MarksJarvis: Stock investors blink, then buy after talk of tapering stimulus

S&P 500 hits another record amid chatter that Fed would pull back gradually

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With a growing expectation that the Federal Reserve will take the training wheels off the economy, investors turned squeamish about stocks late last week.

But the fear of going it alone, without the Fed's indulgent support, didn't keep investors on the stock market's sidelines for long. The Standard & Poor's 500 index hit another high Tuesday, the eighth record in about two weeks.

Economists have been assuring investors this week that the Fed probably has no intention of yanking the wheels in a sudden aggressive move. Instead of depending on the economy to pedal on its own, economists say, the Fed is going to gradually withdraw bond-buying stimulus into late 2014 and reverse the strategy if the economy starts looking shaky.

The idea of slow change is considered less traumatic for investors than a dramatic shift. In addition, investors have been calmed by the latest economic data.

Monday's April retail sales report, in particular, was stronger than expected. Economists were impressed that even as higher payroll taxes ate away at paychecks, consumers in April were willing to increase spending on everything from restaurant meals to electronics and sporting goods.

The growth in sales of just 0.1 percent was "not exactly inspiring as a stand-alone," said Gluskin Sheff economist David Rosenberg. But economists had assumed retail sales would decline 0.3 percent, not increase. They think cheaper gasoline helped stretch paychecks and rising home prices may have given people comfort about the future.

"Maybe the wealth effect is starting to work after all, or maybe the employment data are masking a booming underground in the economy," in which people considered unemployed are making money, said Rosenberg.

There is an economic theory that when people feel wealthier because of their stocks or rising home values, they are inclined to buy more. That's been part of the Federal Reserve's low-interest-rate strategy. By buying bonds, the Fed has been driving interest rates to near zero, and that's enticed even risk-averse investors to pursue stocks and risky bonds instead of putting their money in low-yielding savings accounts, certificates of deposit and U.S. government bonds.

As a result, stocks have climbed about 15 percent this year.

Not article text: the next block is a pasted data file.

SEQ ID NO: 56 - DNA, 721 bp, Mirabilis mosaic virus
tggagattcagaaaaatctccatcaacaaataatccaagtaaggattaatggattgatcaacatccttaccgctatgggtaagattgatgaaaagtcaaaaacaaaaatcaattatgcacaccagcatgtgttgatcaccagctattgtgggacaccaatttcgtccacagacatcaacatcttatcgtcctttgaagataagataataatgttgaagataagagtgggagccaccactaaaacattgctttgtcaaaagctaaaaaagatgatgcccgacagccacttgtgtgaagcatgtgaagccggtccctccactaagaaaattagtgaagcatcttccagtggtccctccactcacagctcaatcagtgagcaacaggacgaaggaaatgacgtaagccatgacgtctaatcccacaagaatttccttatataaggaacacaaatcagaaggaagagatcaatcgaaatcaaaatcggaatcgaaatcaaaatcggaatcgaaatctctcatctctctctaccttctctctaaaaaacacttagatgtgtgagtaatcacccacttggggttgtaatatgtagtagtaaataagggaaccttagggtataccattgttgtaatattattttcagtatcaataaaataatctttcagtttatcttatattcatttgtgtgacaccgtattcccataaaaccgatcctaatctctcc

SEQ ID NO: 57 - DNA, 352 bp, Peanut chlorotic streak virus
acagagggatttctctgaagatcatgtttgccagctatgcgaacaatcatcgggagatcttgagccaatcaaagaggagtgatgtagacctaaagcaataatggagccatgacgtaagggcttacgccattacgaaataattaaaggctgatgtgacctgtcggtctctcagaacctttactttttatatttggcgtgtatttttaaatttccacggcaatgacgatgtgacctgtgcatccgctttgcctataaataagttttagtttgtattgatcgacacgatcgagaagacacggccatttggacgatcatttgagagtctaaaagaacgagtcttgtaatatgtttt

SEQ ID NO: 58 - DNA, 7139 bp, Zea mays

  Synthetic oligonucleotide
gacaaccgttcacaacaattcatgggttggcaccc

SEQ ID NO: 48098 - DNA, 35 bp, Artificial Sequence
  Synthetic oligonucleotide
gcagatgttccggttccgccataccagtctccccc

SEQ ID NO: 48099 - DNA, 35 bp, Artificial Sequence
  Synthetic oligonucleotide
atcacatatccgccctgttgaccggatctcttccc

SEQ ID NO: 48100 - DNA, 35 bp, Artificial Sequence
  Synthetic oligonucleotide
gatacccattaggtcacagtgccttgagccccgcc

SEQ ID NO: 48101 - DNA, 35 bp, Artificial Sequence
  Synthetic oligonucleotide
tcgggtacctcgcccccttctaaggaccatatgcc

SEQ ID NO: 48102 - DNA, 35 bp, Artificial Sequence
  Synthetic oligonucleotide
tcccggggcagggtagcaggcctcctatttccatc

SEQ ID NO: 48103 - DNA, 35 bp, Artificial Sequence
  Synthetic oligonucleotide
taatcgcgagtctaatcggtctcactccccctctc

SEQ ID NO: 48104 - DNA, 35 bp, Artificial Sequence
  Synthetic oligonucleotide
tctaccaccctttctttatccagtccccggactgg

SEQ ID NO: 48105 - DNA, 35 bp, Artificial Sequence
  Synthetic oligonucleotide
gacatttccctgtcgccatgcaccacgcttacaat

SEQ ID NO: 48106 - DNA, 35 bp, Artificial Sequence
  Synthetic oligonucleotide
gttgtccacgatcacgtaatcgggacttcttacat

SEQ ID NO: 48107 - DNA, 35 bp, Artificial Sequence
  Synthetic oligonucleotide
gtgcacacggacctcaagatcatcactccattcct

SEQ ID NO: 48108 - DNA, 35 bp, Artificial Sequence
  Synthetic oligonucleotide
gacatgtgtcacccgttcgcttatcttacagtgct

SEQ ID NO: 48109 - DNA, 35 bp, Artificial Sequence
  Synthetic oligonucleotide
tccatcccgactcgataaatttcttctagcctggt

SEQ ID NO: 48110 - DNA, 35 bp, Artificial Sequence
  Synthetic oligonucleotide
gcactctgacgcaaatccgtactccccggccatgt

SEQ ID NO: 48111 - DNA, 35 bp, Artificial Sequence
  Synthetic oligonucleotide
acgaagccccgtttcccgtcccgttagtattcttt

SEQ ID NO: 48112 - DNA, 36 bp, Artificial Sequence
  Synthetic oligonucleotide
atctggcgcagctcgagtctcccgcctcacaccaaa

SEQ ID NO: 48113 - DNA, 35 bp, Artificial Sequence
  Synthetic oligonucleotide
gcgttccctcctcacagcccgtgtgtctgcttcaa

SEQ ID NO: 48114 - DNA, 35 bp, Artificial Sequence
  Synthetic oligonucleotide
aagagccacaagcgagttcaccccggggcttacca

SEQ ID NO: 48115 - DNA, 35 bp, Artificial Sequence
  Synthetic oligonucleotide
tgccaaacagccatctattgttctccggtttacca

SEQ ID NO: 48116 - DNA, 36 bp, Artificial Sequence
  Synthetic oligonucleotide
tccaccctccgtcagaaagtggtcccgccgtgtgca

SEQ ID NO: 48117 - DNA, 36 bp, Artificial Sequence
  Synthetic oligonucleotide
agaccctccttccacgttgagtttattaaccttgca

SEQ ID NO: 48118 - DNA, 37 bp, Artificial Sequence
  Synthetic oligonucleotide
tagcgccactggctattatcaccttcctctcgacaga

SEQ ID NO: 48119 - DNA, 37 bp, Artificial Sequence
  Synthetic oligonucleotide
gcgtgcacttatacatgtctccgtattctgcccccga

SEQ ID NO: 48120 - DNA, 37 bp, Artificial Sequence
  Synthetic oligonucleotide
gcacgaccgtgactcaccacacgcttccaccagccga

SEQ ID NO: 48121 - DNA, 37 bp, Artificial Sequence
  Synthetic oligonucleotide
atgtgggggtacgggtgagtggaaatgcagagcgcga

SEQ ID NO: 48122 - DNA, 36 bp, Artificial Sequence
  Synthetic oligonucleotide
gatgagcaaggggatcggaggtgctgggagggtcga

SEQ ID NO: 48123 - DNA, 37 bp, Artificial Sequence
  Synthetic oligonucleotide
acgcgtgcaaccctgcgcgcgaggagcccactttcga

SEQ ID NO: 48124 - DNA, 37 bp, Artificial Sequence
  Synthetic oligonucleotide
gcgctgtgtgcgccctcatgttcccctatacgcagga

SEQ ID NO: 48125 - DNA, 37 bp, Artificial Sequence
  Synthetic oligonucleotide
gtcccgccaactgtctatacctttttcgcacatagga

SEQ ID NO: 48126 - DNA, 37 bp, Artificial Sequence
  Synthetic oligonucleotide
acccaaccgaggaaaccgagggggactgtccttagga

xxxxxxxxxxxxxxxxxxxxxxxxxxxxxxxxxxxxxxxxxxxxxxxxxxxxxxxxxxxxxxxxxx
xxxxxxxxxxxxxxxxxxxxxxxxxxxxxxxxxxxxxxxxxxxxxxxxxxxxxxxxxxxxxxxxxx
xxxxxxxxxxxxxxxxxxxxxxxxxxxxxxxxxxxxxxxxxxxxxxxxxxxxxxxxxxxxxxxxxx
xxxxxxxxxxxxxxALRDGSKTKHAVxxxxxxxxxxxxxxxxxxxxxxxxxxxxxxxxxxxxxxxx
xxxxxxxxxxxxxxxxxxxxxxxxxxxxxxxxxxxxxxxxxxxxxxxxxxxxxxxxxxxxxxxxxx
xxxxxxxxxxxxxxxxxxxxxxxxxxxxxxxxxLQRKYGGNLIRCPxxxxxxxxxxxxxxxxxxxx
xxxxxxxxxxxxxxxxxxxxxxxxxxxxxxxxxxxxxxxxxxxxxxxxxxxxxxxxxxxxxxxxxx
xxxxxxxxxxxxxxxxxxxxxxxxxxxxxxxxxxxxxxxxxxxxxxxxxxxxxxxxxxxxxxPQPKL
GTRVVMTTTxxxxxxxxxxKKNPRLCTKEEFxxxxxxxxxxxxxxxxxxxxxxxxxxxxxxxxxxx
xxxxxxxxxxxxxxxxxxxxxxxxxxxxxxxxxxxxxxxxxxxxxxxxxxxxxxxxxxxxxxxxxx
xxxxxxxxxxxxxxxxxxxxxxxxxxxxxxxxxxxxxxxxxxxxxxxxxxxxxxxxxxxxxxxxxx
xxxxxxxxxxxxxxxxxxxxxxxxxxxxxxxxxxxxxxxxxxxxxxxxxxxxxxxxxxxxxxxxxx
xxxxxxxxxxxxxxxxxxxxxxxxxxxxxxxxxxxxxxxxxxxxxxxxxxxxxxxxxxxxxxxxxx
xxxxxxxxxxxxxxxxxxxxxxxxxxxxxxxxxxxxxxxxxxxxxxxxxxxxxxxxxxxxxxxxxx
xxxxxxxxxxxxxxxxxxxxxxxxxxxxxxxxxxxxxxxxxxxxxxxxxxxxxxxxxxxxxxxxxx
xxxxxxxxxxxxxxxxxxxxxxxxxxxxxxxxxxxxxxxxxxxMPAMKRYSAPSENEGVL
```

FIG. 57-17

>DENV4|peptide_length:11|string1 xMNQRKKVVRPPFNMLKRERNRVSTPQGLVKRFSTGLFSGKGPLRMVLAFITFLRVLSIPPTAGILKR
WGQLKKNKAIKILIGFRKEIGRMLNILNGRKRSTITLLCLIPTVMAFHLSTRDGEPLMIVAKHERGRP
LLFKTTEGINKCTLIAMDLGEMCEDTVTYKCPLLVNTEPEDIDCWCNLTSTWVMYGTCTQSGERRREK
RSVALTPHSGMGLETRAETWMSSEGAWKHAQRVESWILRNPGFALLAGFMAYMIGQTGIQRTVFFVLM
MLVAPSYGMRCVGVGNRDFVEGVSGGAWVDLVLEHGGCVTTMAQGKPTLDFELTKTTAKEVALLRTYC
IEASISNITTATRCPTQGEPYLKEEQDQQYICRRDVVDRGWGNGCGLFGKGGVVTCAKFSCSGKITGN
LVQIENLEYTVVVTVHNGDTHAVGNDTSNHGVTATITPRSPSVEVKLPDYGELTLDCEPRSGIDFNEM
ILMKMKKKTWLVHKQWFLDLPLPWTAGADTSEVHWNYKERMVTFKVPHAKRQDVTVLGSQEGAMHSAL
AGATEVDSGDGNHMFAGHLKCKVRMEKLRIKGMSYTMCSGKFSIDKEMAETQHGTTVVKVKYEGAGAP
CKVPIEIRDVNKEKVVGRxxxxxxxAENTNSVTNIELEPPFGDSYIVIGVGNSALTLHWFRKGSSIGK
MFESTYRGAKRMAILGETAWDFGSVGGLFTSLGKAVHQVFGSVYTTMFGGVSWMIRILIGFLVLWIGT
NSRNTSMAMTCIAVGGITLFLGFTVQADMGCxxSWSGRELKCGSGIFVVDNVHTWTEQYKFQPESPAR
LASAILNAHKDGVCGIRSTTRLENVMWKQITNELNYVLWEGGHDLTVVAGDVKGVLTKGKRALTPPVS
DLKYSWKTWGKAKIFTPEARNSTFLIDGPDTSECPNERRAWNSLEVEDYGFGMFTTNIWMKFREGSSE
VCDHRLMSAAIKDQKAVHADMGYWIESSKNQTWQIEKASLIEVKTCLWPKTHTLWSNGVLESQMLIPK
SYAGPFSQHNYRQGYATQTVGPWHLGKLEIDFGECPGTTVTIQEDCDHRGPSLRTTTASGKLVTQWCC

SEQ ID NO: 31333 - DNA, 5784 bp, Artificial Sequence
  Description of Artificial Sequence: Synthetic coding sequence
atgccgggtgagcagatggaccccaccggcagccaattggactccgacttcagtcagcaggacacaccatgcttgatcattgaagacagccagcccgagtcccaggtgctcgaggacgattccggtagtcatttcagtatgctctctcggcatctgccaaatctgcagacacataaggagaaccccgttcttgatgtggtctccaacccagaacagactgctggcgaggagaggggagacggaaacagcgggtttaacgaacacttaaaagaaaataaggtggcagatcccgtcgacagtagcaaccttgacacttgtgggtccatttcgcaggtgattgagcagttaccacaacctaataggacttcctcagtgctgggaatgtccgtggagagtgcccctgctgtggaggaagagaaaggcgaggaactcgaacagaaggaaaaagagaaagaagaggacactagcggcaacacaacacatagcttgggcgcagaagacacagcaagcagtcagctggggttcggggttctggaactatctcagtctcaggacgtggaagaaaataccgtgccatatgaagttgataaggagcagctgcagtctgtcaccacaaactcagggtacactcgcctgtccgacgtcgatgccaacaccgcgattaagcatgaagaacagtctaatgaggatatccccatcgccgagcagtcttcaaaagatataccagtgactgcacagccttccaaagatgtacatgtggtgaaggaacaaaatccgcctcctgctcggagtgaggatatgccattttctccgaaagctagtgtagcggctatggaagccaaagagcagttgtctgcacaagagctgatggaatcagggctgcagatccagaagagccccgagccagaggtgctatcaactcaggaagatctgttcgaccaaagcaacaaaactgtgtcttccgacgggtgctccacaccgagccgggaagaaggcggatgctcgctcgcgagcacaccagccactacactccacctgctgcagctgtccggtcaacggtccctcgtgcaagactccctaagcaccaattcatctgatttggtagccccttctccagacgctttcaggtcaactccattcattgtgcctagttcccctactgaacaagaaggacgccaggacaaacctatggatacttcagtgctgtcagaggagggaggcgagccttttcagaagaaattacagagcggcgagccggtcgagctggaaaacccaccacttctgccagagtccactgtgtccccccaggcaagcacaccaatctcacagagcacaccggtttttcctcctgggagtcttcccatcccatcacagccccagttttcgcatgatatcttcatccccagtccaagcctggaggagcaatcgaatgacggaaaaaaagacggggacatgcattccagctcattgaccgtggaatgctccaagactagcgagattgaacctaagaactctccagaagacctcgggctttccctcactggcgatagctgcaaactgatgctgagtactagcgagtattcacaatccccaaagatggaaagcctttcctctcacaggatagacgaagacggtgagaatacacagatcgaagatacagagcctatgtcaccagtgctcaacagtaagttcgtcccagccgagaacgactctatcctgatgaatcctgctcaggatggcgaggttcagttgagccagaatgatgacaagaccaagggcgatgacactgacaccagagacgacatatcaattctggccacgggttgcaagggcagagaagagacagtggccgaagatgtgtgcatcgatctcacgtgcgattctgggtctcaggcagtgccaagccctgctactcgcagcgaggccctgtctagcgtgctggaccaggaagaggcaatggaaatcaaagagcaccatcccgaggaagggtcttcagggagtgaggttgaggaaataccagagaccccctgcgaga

"Many of this year's stock market investors are traditional bond buyers fed up with the yield on their fixed-income portfolio," said Jack Ablin, chief investment officer of Harris Private Bank. "Stocks became unglued to the economy earlier this year as investors clamored for alternatives to unappetizing bond yields."

Because of the Fed's tinkering, analysts are no longer sure what stocks and bonds should be worth. But they believe that if interest rates rise sharply, some investors will move money to higher-paying bonds and out of stocks — perhaps causing the stock market to drop.

Yet, IHS Global Insight economist Nariman Behravesh says that, with unemployment still high, the Federal Reserve isn't likely to increase interest rates until 2015. In addition, he expects a "soft patch" in the economy during the next couple of months as the federal government cuts spending and puts employees on furlough as part of the deficit-cutting sequester adopted a few months ago.

Still, after getting through that weak economic period, he presumes, the economy will strengthen and give the Fed signals that it's time for stimulus reduction late this year.

There is pent-up demand for vehicles and housing and young people are starting to move out of parents' homes to start households of their own, he said. Slow growth continues, "with consumer spending good but not great" and with "household debt burdens down but still high by historic standards." Household net worth has just about recovered from the recession, Behravesh adds, although higher-income households are in better shape than lower-income ones.

gmarksjarvis@tribune.com

Twitter @gailmarksjarvis

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